Kata vs Randori… Part II


In my last post, I explored briefly the advantages of randori & kata, and why they have their places… but a recent post in ‘rec.martial-arts’ newsgroup brought a new facet to light.  A martial beginner tried three different classes in the same week, one was Judo, and two were jujutsu styles that evidently don’t train the way Judo does.  Here’s a snippet of the post:

The nihon tai-jitsu and aikijujitsu classes were fairly similar to one
another: practices of locks, some defenses against a “static” attacker,
a little throwing, no randori. The instructors were a lot more into
proper technique than the judo instructor was.

Of course I jumped in and explained this, but I thought I might expand a wee bit here.  When those that you train with always “jump” for your techniques (if you’ve practiced Aikido, or many Jujutsu styles, you know what I’m speaking of!), there is no check on your technique.  What I mean, is that unless an instructor is there, correcting you, there’s nothing else inherent that will allow you to realize that your technique was deficient.

In Judo, when we have a resisting opponent - a technique is well executed when it works, and poorly executed when it doesn’t.  This isn’t to say that a white belt who manages a throw has no room for improvement - having performed the perfect throw… but that the throw was perfect for the conditions and opponent.  We can use our resisting opponents to improve our own technique - for we have a natural ‘check‘ of whether the technique was well executed or not.  In Judo, we recognize that there is no specific method to execute a given technique that works for everyone.  Something that works quite well for me … may be an absolute disaster for you.

As an example, a back injury has given me a left hand that has the gripping strength no better than a quarter of my right hand.  Would I perform a right-sided Tai-Otoshi in the classical method, with my pulling arm at eye level and pulling uke strongly over my right leg?  Sad to say, it works quite well on white belts who don’t weigh over 100 pounds… but if I want to use this technique - one that has won many a tournament for me, it now looks quite different.  My pulling hand is now no longer at eyelevel (the ‘looking at your wristwatch’ technique), but locking at my chest - and my body torque takes the place of the pulling hand.  It works for me!  In most Jujutsu style classes however, it would be frowned on at best, and certainly discouraged.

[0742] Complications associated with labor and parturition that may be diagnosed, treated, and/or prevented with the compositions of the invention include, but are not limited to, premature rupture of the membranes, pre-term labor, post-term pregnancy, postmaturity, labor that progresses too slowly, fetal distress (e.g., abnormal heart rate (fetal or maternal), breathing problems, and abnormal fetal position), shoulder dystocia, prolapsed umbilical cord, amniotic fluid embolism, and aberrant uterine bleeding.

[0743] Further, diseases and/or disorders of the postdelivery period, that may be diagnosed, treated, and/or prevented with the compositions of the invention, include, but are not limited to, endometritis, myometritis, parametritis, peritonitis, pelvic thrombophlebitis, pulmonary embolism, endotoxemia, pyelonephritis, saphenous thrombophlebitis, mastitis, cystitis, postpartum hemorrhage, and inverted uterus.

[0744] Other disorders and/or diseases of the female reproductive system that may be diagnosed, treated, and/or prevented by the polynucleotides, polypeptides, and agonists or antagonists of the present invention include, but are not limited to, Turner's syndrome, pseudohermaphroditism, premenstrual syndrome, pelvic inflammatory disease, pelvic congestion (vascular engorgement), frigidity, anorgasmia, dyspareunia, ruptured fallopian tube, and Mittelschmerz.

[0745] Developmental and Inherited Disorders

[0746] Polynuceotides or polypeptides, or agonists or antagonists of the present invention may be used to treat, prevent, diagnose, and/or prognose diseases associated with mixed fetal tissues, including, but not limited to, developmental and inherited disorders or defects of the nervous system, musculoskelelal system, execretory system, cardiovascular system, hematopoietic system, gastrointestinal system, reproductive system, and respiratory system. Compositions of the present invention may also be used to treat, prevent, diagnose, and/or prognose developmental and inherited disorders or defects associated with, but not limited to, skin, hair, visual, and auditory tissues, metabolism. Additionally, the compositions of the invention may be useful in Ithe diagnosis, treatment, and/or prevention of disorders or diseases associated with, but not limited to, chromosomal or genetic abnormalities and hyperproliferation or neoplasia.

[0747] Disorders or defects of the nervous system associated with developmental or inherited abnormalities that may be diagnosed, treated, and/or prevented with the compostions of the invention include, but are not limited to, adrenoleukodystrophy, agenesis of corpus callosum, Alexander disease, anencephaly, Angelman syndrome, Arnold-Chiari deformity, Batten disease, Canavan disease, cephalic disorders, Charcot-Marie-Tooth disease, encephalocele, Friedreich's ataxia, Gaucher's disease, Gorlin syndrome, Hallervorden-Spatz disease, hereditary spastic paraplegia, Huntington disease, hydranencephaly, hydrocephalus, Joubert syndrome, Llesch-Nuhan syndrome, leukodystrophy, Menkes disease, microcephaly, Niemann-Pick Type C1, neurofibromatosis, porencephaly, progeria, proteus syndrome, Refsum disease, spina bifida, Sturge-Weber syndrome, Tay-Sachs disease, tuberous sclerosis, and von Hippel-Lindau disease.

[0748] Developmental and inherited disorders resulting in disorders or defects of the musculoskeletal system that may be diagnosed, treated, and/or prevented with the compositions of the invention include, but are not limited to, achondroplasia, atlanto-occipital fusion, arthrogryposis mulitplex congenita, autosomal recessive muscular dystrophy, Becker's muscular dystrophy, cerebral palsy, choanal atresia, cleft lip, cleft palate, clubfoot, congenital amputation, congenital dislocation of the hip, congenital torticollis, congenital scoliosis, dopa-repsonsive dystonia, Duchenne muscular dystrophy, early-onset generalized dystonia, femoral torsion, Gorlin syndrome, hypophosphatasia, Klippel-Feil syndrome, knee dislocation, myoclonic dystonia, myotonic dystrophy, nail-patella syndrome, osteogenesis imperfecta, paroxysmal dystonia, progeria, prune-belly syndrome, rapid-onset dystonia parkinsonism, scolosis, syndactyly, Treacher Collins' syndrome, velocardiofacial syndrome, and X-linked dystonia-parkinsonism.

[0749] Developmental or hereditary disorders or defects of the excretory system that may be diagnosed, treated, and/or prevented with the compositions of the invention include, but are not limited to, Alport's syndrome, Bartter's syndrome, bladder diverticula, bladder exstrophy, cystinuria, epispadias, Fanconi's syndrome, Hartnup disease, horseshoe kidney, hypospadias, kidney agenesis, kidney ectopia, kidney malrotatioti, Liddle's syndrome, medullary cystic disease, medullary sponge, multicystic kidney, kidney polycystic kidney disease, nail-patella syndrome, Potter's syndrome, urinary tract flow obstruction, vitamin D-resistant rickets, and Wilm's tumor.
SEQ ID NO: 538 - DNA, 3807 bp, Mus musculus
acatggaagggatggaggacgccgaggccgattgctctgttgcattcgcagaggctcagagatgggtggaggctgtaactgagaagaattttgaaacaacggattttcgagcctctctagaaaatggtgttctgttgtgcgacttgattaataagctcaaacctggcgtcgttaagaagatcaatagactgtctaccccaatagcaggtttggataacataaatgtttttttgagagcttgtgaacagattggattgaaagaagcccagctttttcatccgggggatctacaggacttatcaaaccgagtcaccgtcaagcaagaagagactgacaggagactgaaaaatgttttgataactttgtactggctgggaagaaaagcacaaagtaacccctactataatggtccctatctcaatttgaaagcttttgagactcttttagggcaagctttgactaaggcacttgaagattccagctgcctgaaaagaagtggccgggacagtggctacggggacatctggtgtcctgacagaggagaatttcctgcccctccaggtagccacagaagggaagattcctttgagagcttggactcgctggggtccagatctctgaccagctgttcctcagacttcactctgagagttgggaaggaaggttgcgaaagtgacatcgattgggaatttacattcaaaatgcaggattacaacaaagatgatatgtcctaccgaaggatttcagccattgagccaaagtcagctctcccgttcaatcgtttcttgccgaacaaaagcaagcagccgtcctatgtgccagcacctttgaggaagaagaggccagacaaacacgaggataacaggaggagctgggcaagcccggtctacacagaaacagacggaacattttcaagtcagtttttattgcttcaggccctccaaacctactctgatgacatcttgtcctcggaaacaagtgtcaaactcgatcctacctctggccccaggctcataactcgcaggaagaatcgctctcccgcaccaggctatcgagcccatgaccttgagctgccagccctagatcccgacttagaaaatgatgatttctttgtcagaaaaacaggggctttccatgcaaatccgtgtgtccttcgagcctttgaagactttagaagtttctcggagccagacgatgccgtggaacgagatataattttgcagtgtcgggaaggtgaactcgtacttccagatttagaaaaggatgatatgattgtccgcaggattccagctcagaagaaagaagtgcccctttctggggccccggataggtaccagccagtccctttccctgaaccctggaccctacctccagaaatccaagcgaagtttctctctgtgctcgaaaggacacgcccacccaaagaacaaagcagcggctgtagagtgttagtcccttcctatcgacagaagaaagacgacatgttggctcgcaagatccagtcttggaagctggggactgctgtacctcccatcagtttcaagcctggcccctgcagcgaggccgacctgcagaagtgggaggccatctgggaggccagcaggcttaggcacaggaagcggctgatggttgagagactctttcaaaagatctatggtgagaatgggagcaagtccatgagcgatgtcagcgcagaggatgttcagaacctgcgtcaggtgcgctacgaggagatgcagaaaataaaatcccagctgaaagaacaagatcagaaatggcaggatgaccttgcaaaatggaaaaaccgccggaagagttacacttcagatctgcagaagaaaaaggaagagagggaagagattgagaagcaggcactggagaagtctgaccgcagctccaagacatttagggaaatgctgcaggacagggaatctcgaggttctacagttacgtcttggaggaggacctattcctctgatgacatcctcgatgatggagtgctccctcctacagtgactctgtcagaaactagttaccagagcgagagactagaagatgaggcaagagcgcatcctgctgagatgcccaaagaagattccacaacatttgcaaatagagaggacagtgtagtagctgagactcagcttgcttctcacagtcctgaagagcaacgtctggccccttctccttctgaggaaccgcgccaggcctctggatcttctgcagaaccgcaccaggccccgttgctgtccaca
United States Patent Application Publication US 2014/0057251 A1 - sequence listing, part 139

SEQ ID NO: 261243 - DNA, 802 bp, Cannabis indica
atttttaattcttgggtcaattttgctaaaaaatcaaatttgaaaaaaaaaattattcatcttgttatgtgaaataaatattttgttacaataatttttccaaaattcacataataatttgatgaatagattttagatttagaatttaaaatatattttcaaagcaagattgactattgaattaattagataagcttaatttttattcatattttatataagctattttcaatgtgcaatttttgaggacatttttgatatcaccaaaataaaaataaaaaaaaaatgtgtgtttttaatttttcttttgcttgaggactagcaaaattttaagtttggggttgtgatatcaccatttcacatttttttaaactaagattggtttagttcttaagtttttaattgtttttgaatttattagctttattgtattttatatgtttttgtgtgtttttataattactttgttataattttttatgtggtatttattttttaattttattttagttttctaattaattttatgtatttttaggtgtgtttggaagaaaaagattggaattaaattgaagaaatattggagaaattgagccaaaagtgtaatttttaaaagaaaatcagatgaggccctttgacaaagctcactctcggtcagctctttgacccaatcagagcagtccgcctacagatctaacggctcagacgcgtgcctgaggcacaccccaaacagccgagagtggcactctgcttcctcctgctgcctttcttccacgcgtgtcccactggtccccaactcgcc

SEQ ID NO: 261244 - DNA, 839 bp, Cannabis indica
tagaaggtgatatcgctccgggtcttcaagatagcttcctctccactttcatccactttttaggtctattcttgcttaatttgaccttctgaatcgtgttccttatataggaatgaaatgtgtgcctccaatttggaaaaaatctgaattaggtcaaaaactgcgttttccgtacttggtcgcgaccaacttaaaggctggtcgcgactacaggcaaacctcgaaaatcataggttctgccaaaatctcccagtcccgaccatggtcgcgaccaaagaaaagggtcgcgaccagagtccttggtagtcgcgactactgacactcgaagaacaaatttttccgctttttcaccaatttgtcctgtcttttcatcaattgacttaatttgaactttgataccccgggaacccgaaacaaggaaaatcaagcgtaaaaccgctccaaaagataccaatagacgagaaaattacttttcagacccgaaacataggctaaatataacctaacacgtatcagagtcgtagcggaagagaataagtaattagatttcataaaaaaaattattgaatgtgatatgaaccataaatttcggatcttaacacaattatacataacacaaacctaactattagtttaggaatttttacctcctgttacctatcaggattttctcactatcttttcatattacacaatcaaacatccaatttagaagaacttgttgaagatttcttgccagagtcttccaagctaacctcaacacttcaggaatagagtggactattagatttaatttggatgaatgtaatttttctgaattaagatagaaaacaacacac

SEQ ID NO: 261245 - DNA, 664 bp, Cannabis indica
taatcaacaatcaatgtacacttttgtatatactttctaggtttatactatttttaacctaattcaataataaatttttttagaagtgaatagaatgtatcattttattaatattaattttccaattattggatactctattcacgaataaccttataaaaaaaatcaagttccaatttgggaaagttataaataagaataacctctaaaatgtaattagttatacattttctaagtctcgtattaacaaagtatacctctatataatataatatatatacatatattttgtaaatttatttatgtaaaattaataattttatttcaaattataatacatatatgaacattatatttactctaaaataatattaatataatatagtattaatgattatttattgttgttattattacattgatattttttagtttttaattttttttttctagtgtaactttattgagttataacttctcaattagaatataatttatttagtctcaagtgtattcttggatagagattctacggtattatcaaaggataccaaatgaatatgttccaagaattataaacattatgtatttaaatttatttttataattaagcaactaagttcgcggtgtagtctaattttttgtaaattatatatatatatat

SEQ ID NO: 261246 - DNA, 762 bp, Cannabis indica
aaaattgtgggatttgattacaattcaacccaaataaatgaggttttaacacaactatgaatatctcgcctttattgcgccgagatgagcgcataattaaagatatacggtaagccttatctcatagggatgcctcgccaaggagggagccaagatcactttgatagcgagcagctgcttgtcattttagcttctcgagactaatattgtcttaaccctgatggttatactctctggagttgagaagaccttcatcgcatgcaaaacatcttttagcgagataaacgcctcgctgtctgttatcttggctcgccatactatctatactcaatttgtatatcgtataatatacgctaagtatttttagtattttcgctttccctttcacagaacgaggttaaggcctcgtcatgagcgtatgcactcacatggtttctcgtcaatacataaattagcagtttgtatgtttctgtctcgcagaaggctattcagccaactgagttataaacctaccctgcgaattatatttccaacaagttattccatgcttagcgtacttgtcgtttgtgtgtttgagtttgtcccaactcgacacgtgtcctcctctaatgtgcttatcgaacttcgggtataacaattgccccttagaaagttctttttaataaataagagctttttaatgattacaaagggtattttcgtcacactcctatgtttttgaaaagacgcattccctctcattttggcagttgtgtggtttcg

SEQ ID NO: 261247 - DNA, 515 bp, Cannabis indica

The reason that precise technique is constantly emphasized in Jujutsu styles (other than Judo) is that they don’t have any ‘check’ on what works!  So they must constantly work on perfect technique.  Sad to say, unless they have a resisting opponent, they’ll never really know if they’ve reached the level of perfection to make the technique work.

In Judo, the reaching for ‘perfect technique’ is still there… after all, no-one would accuse any of the white belts at our class of having a De Ashi Barai that matches mine (nor, to be honest, does mine quite measure up to my seniors).  But we recognize that although there’s a ‘textbook’ form of a given technique, if it works… it works.  There’s no need to force everyone into a specific textbook form of a given technique - only to help each Judoka improve what works for them based on the principles of Judo.   I’m sure that everyone realizes (experienced Judoka, that is!) that if you gathered together 10 international competitors who’s tokui waza was Seoinage, and asked them to demonstrate it - you’d have 10 different techniques.  Yet none of them are wrong, and all of them are equally “Seoinage”.

The advantages given by a resisting opponent in training is the reason, in my opinion; why the ‘Mixed Martial Art’ competitions favor those who train in an art where there is a resisting opponent.  Judo, Brazilian Jujitsu, Muy Thai, Wrestling, and so forth.  Rather a disappearing act for the formerly “deadly” arts of Ninjutsu or various styles of Kungfu.  Where’s “Count Dante” when the UFC’s came around? Smiley